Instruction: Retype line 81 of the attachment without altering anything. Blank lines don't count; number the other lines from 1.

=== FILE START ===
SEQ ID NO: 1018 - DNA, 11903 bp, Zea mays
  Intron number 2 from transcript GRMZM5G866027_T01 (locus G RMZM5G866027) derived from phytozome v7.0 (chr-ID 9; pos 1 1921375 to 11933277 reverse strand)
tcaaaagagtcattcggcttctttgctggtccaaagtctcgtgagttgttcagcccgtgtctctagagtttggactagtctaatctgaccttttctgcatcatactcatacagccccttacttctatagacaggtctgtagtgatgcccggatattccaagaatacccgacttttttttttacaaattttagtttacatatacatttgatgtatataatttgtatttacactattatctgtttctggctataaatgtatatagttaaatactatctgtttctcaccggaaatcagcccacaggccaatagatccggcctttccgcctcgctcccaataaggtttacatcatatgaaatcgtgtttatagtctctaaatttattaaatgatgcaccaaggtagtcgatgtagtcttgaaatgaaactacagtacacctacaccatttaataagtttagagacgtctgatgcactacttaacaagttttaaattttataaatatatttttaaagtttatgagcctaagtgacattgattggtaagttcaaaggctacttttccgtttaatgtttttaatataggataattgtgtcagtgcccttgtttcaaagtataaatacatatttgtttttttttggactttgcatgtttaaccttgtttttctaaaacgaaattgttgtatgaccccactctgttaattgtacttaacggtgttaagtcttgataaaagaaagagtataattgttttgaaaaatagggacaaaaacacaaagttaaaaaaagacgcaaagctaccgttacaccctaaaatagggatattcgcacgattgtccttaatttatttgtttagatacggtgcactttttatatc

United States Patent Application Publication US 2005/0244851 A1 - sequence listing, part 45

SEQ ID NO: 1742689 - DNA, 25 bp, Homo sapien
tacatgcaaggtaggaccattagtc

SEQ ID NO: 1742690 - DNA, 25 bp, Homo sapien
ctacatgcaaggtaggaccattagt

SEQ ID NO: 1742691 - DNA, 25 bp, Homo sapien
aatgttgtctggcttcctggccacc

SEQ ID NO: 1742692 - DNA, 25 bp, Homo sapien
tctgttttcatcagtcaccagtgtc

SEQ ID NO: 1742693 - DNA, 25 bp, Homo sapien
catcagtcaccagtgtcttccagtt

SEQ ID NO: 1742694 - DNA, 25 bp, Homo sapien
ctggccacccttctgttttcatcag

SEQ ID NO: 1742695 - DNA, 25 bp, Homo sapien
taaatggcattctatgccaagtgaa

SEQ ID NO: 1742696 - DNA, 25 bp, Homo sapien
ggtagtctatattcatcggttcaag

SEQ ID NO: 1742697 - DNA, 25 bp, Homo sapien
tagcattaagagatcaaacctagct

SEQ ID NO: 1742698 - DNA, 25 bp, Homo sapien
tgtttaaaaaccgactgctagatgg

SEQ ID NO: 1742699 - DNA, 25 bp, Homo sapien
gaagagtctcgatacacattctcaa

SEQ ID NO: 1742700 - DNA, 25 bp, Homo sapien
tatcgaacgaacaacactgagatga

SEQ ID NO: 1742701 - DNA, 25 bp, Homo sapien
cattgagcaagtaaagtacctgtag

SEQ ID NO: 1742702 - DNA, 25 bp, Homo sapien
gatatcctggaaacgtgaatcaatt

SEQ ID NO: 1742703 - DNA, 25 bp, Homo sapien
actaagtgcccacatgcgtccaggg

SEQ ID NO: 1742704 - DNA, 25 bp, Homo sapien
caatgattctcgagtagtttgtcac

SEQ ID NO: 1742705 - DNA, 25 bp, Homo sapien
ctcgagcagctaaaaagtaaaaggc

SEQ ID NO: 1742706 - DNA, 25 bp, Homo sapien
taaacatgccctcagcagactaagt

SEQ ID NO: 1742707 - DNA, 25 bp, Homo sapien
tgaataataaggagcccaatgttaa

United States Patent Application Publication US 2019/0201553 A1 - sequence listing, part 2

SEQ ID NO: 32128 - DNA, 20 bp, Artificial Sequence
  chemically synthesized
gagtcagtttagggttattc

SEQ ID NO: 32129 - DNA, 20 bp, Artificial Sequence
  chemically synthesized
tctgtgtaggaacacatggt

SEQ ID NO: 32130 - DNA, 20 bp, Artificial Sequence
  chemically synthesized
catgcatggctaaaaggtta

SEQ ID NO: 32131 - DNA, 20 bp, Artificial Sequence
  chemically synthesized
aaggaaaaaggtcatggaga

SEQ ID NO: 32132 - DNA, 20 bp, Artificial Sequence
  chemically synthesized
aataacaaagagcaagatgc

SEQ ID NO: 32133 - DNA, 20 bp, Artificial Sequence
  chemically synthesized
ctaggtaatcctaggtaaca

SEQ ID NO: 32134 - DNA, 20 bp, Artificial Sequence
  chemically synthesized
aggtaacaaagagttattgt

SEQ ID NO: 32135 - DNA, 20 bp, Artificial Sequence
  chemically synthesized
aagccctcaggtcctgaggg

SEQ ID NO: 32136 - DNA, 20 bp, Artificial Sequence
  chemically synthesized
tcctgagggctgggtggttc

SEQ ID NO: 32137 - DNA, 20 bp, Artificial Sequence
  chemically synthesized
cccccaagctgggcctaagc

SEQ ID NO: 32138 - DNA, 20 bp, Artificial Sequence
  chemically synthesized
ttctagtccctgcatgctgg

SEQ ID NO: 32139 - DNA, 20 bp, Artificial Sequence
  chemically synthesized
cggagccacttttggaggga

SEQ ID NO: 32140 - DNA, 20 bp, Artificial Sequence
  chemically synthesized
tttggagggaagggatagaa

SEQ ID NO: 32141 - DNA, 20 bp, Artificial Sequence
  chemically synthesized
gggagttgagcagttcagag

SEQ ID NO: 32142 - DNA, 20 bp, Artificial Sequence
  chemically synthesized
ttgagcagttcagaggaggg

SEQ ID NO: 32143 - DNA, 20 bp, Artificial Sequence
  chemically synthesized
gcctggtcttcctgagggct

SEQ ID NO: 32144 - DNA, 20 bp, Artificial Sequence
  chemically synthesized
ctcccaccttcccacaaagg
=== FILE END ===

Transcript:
  chemically synthesized